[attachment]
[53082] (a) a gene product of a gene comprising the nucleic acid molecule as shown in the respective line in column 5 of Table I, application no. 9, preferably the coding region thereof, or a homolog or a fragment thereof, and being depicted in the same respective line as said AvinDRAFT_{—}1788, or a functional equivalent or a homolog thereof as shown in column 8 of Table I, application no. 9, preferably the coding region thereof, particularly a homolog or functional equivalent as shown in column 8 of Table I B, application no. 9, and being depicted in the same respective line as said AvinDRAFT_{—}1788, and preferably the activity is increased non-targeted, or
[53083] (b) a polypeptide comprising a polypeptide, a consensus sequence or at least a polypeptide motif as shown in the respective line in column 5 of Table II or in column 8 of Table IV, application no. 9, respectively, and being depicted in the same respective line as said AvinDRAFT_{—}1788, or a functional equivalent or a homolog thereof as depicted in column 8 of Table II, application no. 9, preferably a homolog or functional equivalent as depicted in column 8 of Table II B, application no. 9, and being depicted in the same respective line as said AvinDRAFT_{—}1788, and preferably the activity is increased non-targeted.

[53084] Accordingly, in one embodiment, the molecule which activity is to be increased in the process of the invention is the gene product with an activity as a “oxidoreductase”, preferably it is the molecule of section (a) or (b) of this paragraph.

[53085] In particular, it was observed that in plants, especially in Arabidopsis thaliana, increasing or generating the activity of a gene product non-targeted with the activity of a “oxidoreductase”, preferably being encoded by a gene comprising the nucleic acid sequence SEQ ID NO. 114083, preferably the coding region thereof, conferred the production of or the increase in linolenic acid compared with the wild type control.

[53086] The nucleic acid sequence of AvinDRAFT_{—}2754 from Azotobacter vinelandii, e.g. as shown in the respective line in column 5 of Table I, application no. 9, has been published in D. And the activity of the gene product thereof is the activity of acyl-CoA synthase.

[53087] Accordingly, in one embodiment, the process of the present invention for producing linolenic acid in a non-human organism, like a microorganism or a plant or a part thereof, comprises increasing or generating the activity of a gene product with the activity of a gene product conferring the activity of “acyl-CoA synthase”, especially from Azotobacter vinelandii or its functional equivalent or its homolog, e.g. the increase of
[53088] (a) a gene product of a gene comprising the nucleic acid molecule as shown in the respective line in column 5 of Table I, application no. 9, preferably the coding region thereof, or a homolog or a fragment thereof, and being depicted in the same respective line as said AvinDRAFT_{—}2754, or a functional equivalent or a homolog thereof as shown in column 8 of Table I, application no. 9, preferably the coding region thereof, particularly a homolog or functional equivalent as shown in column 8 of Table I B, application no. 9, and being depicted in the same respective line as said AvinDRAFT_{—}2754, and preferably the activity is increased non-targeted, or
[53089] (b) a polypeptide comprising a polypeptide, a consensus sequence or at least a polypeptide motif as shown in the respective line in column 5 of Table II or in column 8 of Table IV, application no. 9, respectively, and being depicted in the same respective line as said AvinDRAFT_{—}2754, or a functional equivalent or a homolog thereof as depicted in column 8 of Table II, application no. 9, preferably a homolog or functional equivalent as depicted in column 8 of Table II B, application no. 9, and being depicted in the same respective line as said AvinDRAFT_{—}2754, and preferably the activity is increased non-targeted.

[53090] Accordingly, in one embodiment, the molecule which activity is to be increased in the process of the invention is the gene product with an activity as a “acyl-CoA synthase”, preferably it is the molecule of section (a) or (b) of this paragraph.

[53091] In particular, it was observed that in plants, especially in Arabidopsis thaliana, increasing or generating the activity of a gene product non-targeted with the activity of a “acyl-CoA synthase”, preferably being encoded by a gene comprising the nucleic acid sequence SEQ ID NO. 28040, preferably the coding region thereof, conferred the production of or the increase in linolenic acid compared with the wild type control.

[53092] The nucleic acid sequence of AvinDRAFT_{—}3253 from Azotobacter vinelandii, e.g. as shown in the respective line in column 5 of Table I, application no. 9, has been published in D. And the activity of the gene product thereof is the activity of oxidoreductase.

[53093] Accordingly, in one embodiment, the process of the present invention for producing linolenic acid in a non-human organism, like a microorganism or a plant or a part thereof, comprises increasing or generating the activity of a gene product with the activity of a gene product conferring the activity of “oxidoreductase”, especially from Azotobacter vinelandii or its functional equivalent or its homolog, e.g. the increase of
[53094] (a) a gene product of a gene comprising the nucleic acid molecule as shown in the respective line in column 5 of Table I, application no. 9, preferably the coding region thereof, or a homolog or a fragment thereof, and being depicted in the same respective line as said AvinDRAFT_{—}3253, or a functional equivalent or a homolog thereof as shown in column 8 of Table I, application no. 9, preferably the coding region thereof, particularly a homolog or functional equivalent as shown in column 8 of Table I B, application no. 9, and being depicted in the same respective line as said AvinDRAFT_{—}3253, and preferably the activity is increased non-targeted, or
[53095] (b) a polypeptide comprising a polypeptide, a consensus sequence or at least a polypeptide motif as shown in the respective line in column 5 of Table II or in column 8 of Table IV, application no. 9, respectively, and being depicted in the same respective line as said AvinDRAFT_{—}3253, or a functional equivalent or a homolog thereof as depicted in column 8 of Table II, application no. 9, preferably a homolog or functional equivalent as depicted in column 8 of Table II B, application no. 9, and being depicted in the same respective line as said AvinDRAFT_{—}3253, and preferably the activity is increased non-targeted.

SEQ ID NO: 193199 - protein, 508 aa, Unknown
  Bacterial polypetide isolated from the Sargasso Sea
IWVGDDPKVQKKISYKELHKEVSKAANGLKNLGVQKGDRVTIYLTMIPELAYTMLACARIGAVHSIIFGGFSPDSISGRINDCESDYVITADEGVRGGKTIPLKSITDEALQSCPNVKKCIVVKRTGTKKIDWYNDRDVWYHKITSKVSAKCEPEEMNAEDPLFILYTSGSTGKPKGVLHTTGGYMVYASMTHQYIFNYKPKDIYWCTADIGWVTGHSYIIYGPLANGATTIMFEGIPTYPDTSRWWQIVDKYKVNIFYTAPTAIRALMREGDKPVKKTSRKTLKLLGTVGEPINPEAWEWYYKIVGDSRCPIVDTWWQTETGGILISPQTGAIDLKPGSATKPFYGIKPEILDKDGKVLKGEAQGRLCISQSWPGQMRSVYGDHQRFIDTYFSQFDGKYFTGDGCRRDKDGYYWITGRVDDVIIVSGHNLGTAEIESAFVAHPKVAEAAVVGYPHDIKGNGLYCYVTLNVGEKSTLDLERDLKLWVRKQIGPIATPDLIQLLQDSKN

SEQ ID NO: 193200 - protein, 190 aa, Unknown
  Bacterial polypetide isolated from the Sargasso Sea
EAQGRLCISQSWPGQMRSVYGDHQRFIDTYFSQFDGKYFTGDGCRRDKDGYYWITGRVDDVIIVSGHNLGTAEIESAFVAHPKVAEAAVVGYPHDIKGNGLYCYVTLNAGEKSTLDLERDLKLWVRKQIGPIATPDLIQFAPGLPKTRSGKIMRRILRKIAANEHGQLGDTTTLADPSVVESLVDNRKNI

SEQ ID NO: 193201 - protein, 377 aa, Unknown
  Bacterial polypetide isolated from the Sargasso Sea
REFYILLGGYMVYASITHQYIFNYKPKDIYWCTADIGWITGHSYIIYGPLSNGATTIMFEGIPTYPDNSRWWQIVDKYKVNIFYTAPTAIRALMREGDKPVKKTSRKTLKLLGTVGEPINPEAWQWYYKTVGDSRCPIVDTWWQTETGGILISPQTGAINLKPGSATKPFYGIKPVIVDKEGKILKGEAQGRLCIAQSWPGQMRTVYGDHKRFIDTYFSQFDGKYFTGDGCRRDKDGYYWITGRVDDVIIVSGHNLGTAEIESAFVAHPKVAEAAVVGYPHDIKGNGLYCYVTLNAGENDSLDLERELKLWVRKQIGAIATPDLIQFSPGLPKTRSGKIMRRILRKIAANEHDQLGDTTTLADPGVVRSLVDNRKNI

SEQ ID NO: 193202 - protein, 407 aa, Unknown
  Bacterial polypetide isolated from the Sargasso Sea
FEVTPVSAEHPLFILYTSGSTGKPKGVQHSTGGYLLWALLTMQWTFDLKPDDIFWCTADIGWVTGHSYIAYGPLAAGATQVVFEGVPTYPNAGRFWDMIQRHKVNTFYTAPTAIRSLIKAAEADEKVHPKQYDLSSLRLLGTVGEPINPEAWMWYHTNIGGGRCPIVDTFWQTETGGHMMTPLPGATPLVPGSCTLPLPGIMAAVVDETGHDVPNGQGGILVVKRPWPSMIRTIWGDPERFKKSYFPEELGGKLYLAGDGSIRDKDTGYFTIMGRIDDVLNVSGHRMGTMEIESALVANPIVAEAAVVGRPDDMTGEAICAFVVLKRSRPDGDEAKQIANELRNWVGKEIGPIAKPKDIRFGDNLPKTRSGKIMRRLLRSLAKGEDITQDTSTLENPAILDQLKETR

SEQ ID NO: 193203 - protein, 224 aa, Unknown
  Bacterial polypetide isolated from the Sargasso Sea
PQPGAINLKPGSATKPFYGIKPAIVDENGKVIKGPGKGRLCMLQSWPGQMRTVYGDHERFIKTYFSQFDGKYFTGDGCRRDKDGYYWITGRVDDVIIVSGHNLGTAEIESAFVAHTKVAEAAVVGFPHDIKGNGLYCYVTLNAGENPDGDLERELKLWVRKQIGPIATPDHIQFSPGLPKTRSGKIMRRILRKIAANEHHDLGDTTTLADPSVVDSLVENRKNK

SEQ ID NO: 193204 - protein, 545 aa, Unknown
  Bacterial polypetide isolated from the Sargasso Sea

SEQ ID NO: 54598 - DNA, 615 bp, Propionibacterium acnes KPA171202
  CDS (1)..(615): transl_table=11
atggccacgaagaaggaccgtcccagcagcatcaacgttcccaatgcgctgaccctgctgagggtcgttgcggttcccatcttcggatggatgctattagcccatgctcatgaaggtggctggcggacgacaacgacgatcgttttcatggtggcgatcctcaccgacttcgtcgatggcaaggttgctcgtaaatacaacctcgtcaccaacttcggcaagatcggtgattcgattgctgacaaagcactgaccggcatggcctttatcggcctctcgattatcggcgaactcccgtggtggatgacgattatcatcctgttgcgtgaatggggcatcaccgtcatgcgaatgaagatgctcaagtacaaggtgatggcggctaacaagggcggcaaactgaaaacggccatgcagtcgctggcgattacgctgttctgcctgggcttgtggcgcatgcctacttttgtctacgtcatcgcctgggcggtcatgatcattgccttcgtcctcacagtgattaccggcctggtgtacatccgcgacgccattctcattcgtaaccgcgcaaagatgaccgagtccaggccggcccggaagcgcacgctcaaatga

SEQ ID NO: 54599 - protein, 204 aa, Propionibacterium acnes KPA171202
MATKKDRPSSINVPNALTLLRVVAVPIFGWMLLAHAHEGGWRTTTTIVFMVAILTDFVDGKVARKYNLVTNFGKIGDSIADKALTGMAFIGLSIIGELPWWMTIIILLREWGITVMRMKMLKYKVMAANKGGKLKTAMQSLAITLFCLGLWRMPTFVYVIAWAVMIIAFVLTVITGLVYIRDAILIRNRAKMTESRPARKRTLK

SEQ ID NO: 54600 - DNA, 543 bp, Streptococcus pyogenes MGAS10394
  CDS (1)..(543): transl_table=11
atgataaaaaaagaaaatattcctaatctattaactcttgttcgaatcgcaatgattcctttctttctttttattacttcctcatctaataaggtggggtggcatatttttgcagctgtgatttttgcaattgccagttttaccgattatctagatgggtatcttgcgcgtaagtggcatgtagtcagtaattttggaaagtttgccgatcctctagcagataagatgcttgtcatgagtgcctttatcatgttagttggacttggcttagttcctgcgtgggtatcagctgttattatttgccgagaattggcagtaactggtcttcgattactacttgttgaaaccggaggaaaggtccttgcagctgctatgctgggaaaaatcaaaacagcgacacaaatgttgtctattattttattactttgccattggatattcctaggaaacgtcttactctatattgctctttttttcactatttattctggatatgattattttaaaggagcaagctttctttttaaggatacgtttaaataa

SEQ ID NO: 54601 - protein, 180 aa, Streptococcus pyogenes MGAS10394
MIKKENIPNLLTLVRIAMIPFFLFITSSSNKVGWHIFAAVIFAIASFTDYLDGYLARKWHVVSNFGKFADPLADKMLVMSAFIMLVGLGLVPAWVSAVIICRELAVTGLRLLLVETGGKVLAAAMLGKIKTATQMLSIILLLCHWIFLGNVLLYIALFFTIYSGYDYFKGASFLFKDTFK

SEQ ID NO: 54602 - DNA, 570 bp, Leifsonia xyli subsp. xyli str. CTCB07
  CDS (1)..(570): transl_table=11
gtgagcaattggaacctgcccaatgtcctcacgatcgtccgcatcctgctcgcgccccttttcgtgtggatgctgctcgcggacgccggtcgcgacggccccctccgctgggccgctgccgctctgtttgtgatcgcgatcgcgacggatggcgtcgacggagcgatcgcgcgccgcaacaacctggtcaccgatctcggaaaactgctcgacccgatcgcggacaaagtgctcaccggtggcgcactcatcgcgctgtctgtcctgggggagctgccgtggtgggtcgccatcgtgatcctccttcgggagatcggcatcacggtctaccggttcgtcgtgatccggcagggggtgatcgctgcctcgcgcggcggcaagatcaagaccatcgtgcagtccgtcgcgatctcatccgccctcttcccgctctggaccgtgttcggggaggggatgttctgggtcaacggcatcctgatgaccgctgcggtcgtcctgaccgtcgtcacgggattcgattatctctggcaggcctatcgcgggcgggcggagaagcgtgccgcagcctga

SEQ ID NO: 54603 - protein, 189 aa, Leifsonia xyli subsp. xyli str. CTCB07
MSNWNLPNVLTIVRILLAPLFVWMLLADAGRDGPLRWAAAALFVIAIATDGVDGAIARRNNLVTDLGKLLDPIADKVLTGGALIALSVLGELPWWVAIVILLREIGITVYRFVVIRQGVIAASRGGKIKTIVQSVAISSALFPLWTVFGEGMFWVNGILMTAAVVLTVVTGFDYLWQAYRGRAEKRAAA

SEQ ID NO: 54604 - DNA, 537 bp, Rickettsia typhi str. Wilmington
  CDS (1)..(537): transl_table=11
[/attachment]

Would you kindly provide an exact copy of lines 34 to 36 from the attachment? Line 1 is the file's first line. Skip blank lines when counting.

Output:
atggccacgaagaaggaccgtcccagcagcatcaacgttcccaatgcgctgaccctgctgagggtcgttgcggttcccatcttcggatggatgctattagcccatgctcatgaaggtggctggcggacgacaacgacgatcgttttcatggtggcgatcctcaccgacttcgtcgatggcaaggttgctcgtaaatacaacctcgtcaccaacttcggcaagatcggtgattcgattgctgacaaagcactgaccggcatggcctttatcggcctctcgattatcggcgaactcccgtggtggatgacgattatcatcctgttgcgtgaatggggcatcaccgtcatgcgaatgaagatgctcaagtacaaggtgatggcggctaacaagggcggcaaactgaaaacggccatgcagtcgctggcgattacgctgttctgcctgggcttgtggcgcatgcctacttttgtctacgtcatcgcctgggcggtcatgatcattgccttcgtcctcacagtgattaccggcctggtgtacatccgcgacgccattctcattcgtaaccgcgcaaagatgaccgagtccaggccggcccggaagcgcacgctcaaatga

SEQ ID NO: 54599 - protein, 204 aa, Propionibacterium acnes KPA171202
MATKKDRPSSINVPNALTLLRVVAVPIFGWMLLAHAHEGGWRTTTTIVFMVAILTDFVDGKVARKYNLVTNFGKIGDSIADKALTGMAFIGLSIIGELPWWMTIIILLREWGITVMRMKMLKYKVMAANKGGKLKTAMQSLAITLFCLGLWRMPTFVYVIAWAVMIIAFVLTVITGLVYIRDAILIRNRAKMTESRPARKRTLK